Clinical manifestations of Herpes simplex in children.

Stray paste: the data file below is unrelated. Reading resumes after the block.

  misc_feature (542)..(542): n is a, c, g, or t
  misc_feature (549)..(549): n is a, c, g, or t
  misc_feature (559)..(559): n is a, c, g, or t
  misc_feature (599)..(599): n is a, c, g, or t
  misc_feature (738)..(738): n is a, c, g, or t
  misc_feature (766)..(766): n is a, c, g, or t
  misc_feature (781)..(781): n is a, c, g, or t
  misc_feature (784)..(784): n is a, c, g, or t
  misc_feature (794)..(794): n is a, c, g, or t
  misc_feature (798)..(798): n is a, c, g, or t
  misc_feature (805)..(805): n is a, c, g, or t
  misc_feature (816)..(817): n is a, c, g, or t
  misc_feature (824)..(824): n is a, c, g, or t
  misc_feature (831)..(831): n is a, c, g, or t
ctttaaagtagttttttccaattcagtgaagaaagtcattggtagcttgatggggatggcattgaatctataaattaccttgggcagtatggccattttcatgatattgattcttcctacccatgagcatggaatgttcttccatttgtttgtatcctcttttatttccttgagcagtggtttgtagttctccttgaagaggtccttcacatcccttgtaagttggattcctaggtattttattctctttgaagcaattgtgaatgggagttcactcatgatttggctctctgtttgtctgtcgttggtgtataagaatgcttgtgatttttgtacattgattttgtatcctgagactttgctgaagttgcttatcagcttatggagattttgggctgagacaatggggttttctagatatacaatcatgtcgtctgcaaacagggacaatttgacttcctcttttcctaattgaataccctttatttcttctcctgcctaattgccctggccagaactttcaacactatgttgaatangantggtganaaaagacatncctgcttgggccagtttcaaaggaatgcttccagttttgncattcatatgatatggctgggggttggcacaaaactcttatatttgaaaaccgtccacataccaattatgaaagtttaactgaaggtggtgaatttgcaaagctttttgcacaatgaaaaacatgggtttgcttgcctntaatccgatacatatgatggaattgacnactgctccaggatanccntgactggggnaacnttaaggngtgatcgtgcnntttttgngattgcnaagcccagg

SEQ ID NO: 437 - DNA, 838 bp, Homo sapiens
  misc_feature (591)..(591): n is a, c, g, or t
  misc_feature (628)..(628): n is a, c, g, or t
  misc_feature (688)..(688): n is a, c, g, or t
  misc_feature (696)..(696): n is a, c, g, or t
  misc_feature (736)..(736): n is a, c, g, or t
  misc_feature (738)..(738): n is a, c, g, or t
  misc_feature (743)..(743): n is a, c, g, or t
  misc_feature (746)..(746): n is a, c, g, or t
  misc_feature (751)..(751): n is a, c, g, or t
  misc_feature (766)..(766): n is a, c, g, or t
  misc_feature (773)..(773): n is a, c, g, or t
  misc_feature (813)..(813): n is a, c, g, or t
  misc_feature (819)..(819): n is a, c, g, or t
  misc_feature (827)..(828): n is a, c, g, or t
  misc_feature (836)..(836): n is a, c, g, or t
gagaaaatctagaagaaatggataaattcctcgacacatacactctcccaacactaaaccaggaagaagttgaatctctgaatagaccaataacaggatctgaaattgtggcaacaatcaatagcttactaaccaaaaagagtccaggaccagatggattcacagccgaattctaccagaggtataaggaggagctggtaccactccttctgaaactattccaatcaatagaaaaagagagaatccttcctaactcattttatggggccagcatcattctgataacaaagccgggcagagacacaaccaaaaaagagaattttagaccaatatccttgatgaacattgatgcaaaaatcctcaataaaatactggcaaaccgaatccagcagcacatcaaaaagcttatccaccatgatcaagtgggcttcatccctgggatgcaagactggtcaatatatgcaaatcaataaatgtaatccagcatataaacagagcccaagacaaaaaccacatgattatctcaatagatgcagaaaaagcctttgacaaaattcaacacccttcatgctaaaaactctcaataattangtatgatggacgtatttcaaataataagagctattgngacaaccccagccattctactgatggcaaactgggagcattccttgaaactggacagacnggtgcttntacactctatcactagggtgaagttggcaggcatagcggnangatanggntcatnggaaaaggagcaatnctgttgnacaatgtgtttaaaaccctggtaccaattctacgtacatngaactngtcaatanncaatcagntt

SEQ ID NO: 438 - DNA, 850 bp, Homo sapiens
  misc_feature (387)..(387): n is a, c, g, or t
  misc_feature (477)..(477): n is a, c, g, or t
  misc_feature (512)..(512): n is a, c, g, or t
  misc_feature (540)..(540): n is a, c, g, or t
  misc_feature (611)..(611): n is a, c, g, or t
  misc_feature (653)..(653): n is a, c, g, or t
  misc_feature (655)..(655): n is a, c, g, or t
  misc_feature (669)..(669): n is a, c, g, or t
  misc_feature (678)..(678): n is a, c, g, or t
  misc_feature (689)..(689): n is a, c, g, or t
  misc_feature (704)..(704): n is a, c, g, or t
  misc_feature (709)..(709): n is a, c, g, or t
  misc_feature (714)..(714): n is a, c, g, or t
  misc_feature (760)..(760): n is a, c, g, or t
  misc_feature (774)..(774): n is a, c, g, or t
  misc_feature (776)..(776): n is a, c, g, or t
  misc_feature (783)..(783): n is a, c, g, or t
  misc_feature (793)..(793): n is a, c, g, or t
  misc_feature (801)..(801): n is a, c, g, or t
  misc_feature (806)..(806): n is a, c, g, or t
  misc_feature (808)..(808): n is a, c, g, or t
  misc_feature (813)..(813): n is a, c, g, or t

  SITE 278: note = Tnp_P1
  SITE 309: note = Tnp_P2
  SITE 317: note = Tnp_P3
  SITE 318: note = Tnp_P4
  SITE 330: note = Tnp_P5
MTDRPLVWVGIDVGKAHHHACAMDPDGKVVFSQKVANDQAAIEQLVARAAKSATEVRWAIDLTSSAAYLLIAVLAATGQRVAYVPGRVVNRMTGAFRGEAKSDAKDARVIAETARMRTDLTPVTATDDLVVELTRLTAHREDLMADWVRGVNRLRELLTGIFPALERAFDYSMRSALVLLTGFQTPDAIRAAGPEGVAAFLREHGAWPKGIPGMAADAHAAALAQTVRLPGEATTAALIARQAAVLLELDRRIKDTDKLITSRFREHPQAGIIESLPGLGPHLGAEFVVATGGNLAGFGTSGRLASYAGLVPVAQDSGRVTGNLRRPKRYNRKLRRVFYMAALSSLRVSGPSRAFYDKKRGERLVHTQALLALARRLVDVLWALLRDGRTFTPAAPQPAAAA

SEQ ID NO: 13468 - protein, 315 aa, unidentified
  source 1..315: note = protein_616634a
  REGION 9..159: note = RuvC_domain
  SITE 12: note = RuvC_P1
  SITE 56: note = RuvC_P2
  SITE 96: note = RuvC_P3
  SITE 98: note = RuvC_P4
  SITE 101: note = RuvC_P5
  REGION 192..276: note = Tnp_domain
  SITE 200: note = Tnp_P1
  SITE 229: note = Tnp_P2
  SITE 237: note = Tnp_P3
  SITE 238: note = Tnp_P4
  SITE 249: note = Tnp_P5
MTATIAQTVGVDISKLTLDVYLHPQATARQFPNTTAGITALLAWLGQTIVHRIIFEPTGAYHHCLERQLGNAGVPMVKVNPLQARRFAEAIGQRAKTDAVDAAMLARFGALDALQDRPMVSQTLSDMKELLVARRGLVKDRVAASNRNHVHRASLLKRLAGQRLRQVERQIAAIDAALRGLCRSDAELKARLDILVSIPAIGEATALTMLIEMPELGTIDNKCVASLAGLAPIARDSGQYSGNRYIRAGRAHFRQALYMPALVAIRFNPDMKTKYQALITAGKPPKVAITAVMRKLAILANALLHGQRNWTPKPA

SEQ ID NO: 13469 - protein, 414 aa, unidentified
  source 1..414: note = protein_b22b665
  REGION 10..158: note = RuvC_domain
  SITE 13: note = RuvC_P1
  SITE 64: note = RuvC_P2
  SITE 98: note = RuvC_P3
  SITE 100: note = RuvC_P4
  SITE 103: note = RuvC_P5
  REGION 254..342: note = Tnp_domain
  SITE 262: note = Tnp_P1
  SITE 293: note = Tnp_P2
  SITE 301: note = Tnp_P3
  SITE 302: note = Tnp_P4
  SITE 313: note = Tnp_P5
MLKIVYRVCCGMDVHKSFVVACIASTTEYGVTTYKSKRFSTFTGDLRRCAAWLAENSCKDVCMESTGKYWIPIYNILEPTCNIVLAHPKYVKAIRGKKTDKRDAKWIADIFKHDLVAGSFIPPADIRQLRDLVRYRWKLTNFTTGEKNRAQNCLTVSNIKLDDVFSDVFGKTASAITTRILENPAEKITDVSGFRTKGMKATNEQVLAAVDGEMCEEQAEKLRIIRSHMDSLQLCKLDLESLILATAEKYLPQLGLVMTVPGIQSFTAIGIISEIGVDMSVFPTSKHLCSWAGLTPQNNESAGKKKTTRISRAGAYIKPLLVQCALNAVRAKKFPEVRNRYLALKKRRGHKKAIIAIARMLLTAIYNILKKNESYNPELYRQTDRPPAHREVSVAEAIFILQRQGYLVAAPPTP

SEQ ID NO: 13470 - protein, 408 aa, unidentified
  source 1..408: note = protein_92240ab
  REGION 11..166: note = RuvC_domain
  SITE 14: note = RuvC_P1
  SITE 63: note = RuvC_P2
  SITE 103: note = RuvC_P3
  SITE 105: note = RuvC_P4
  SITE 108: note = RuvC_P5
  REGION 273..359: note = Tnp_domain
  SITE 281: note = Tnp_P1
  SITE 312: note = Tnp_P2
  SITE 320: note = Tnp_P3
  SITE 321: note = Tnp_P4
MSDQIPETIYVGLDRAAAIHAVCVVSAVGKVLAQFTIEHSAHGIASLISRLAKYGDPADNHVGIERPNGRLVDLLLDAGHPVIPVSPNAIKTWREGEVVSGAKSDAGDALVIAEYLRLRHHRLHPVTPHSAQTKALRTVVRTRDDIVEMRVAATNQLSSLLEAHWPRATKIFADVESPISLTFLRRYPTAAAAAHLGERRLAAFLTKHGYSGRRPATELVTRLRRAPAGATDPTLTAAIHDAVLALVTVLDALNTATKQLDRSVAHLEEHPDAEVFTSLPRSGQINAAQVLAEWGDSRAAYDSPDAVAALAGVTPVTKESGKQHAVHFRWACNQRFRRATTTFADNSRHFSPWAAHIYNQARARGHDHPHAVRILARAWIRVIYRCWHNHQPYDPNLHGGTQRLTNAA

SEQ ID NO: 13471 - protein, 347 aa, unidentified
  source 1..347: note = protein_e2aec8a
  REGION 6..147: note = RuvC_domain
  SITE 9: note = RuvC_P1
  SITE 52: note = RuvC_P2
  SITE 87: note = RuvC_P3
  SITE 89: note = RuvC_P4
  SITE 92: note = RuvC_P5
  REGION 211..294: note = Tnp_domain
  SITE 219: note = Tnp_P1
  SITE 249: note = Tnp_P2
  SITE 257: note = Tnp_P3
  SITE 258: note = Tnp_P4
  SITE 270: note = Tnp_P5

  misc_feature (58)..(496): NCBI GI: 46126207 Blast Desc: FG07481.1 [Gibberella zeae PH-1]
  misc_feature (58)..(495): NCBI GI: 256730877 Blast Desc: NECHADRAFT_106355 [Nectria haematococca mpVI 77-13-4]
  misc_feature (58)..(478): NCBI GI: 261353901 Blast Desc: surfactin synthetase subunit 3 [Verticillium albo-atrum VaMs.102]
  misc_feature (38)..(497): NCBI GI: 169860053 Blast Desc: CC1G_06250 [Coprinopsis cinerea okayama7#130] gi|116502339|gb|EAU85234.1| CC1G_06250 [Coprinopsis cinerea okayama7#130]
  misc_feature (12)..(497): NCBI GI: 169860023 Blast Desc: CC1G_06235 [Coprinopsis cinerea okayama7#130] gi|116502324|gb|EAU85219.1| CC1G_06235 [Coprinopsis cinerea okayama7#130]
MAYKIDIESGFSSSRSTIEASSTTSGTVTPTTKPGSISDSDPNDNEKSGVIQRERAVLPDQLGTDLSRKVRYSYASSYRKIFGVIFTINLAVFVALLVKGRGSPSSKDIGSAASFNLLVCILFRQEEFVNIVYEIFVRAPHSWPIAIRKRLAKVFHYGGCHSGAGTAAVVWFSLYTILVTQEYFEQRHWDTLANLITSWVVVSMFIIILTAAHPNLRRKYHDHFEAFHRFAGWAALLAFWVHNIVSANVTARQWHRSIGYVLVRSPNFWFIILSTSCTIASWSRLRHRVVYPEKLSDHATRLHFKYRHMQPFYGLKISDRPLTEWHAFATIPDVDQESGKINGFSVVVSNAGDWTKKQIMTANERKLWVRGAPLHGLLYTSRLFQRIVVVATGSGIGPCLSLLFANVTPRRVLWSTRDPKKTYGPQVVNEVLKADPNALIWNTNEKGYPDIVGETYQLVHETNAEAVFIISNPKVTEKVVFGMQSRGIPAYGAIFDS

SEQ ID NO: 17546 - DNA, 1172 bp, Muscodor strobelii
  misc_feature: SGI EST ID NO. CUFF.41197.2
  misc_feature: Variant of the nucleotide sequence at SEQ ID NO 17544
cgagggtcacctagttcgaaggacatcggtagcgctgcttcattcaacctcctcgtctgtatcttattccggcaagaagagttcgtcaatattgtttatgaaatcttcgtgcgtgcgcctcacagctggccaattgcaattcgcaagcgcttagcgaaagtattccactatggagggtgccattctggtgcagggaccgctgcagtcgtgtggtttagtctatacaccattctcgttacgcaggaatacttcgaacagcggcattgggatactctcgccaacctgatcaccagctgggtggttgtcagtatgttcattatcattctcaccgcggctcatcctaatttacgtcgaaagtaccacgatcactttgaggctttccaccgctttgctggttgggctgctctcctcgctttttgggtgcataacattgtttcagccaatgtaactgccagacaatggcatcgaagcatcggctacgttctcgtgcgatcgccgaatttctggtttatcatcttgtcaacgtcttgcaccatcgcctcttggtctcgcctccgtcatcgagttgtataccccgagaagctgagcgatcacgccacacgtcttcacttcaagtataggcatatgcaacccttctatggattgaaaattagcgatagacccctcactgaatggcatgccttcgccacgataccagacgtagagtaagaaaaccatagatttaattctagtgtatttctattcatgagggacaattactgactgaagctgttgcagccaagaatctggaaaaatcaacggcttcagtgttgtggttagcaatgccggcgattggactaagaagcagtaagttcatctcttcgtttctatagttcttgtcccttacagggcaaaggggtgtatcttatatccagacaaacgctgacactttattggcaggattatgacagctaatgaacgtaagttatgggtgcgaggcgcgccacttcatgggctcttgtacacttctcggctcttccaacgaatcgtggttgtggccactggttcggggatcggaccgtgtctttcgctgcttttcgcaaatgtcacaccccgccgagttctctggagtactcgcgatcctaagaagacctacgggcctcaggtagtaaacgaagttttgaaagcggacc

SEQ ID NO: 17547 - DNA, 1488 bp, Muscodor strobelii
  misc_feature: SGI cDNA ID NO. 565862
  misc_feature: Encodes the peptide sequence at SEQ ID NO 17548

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The clinical manifestations of herpes simplex in children are reviewed. The first contact with the virus occurs early, often in the first year of life, even though in the developed countries this first contact is moving towards a more advanced age. In most cases the primary infection is clinically not very evident or presents non-specific clinical manifestations that do not allow to recognize it. Primary infection is clinically recognizable when specific mucocutaneous lesions are present; it is a severe disease that can be fatal especially in the neonatal period when in most cases the infection is contracted during the passage through the birth canal. Among the other primary infections with cutaneous involvement there are herpetic gingivostomatitis, primary herpetic eruption on previous dermatitis and zosteriform Herpes simplex. After the primary infection the virus goes into a sensory nerve ganglion where it remains for a lifetime in a state of latency, during which it cannot be attacked by the various antiviral remedies. Numerous factors can reactivate the virus that starts to multiply rapidly and moves from the nerve ganglion to the skin where it is responsible for localized recurrent infections always in the same site.